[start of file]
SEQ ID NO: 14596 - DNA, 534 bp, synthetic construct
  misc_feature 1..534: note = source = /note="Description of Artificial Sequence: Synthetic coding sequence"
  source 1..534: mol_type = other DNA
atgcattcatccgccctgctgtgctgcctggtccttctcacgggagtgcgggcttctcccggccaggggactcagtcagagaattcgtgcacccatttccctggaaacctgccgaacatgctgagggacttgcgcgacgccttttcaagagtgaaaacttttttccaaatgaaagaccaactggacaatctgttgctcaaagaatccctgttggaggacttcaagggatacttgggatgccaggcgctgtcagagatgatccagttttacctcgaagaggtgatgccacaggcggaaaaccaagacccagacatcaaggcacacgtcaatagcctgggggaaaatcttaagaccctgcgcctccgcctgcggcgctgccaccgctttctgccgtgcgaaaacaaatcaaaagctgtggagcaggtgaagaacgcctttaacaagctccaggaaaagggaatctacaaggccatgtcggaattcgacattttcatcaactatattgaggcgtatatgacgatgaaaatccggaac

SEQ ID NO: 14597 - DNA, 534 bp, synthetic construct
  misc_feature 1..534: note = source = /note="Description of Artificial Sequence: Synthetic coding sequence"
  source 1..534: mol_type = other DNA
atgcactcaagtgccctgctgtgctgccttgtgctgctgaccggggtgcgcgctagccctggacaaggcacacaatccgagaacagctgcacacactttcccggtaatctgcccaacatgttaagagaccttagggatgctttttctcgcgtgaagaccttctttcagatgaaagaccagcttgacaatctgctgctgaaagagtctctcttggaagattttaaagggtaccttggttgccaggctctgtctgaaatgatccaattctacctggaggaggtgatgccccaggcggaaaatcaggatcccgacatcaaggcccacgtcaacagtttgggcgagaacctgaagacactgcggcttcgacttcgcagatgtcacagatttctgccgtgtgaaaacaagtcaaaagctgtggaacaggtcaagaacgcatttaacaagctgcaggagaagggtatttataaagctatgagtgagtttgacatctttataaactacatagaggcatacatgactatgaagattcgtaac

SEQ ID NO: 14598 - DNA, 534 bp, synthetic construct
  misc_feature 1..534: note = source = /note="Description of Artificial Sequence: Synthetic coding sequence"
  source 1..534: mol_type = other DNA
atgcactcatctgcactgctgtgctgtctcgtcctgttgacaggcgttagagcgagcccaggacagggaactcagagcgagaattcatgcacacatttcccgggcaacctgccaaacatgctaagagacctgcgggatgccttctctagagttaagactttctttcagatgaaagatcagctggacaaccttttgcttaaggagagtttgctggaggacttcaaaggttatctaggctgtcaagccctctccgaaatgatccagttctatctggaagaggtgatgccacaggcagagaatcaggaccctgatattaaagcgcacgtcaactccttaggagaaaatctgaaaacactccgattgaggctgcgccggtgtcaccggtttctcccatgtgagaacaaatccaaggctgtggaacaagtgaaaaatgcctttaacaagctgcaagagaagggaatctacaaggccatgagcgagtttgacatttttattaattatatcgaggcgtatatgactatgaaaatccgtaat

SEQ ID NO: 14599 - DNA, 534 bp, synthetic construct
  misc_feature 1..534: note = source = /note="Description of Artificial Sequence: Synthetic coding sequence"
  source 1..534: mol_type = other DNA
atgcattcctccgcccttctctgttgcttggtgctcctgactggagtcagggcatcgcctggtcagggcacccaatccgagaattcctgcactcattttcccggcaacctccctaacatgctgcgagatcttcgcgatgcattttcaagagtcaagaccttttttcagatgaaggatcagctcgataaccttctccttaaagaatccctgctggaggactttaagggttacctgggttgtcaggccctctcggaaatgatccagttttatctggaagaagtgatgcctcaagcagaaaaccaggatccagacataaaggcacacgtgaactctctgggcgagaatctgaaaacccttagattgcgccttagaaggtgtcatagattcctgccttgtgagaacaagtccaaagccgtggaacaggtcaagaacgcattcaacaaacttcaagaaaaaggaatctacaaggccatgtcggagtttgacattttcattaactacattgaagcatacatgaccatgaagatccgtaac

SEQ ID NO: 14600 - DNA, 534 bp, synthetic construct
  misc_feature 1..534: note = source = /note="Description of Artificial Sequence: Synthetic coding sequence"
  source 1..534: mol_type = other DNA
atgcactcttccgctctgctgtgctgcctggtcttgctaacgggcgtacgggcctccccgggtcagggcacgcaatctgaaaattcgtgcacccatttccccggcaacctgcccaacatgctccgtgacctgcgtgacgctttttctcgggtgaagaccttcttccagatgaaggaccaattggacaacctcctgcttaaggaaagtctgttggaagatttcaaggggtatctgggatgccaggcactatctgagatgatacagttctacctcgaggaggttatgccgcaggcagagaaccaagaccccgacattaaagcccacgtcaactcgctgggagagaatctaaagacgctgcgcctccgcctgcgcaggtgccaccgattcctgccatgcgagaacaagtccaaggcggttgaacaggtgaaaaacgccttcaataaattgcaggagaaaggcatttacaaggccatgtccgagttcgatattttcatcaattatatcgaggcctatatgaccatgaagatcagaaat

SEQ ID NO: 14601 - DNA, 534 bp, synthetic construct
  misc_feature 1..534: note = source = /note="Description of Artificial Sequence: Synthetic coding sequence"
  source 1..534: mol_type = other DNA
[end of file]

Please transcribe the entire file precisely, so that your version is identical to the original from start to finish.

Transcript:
SEQ ID NO: 14596 - DNA, 534 bp, synthetic construct
  misc_feature 1..534: note = source = /note="Description of Artificial Sequence: Synthetic coding sequence"
  source 1..534: mol_type = other DNA
atgcattcatccgccctgctgtgctgcctggtccttctcacgggagtgcgggcttctcccggccaggggactcagtcagagaattcgtgcacccatttccctggaaacctgccgaacatgctgagggacttgcgcgacgccttttcaagagtgaaaacttttttccaaatgaaagaccaactggacaatctgttgctcaaagaatccctgttggaggacttcaagggatacttgggatgccaggcgctgtcagagatgatccagttttacctcgaagaggtgatgccacaggcggaaaaccaagacccagacatcaaggcacacgtcaatagcctgggggaaaatcttaagaccctgcgcctccgcctgcggcgctgccaccgctttctgccgtgcgaaaacaaatcaaaagctgtggagcaggtgaagaacgcctttaacaagctccaggaaaagggaatctacaaggccatgtcggaattcgacattttcatcaactatattgaggcgtatatgacgatgaaaatccggaac

SEQ ID NO: 14597 - DNA, 534 bp, synthetic construct
  misc_feature 1..534: note = source = /note="Description of Artificial Sequence: Synthetic coding sequence"
  source 1..534: mol_type = other DNA
atgcactcaagtgccctgctgtgctgccttgtgctgctgaccggggtgcgcgctagccctggacaaggcacacaatccgagaacagctgcacacactttcccggtaatctgcccaacatgttaagagaccttagggatgctttttctcgcgtgaagaccttctttcagatgaaagaccagcttgacaatctgctgctgaaagagtctctcttggaagattttaaagggtaccttggttgccaggctctgtctgaaatgatccaattctacctggaggaggtgatgccccaggcggaaaatcaggatcccgacatcaaggcccacgtcaacagtttgggcgagaacctgaagacactgcggcttcgacttcgcagatgtcacagatttctgccgtgtgaaaacaagtcaaaagctgtggaacaggtcaagaacgcatttaacaagctgcaggagaagggtatttataaagctatgagtgagtttgacatctttataaactacatagaggcatacatgactatgaagattcgtaac

SEQ ID NO: 14598 - DNA, 534 bp, synthetic construct
  misc_feature 1..534: note = source = /note="Description of Artificial Sequence: Synthetic coding sequence"
  source 1..534: mol_type = other DNA
atgcactcatctgcactgctgtgctgtctcgtcctgttgacaggcgttagagcgagcccaggacagggaactcagagcgagaattcatgcacacatttcccgggcaacctgccaaacatgctaagagacctgcgggatgccttctctagagttaagactttctttcagatgaaagatcagctggacaaccttttgcttaaggagagtttgctggaggacttcaaaggttatctaggctgtcaagccctctccgaaatgatccagttctatctggaagaggtgatgccacaggcagagaatcaggaccctgatattaaagcgcacgtcaactccttaggagaaaatctgaaaacactccgattgaggctgcgccggtgtcaccggtttctcccatgtgagaacaaatccaaggctgtggaacaagtgaaaaatgcctttaacaagctgcaagagaagggaatctacaaggccatgagcgagtttgacatttttattaattatatcgaggcgtatatgactatgaaaatccgtaat

SEQ ID NO: 14599 - DNA, 534 bp, synthetic construct
  misc_feature 1..534: note = source = /note="Description of Artificial Sequence: Synthetic coding sequence"
  source 1..534: mol_type = other DNA
atgcattcctccgcccttctctgttgcttggtgctcctgactggagtcagggcatcgcctggtcagggcacccaatccgagaattcctgcactcattttcccggcaacctccctaacatgctgcgagatcttcgcgatgcattttcaagagtcaagaccttttttcagatgaaggatcagctcgataaccttctccttaaagaatccctgctggaggactttaagggttacctgggttgtcaggccctctcggaaatgatccagttttatctggaagaagtgatgcctcaagcagaaaaccaggatccagacataaaggcacacgtgaactctctgggcgagaatctgaaaacccttagattgcgccttagaaggtgtcatagattcctgccttgtgagaacaagtccaaagccgtggaacaggtcaagaacgcattcaacaaacttcaagaaaaaggaatctacaaggccatgtcggagtttgacattttcattaactacattgaagcatacatgaccatgaagatccgtaac

SEQ ID NO: 14600 - DNA, 534 bp, synthetic construct
  misc_feature 1..534: note = source = /note="Description of Artificial Sequence: Synthetic coding sequence"
  source 1..534: mol_type = other DNA
atgcactcttccgctctgctgtgctgcctggtcttgctaacgggcgtacgggcctccccgggtcagggcacgcaatctgaaaattcgtgcacccatttccccggcaacctgcccaacatgctccgtgacctgcgtgacgctttttctcgggtgaagaccttcttccagatgaaggaccaattggacaacctcctgcttaaggaaagtctgttggaagatttcaaggggtatctgggatgccaggcactatctgagatgatacagttctacctcgaggaggttatgccgcaggcagagaaccaagaccccgacattaaagcccacgtcaactcgctgggagagaatctaaagacgctgcgcctccgcctgcgcaggtgccaccgattcctgccatgcgagaacaagtccaaggcggttgaacaggtgaaaaacgccttcaataaattgcaggagaaaggcatttacaaggccatgtccgagttcgatattttcatcaattatatcgaggcctatatgaccatgaagatcagaaat

SEQ ID NO: 14601 - DNA, 534 bp, synthetic construct
  misc_feature 1..534: note = source = /note="Description of Artificial Sequence: Synthetic coding sequence"
  source 1..534: mol_type = other DNA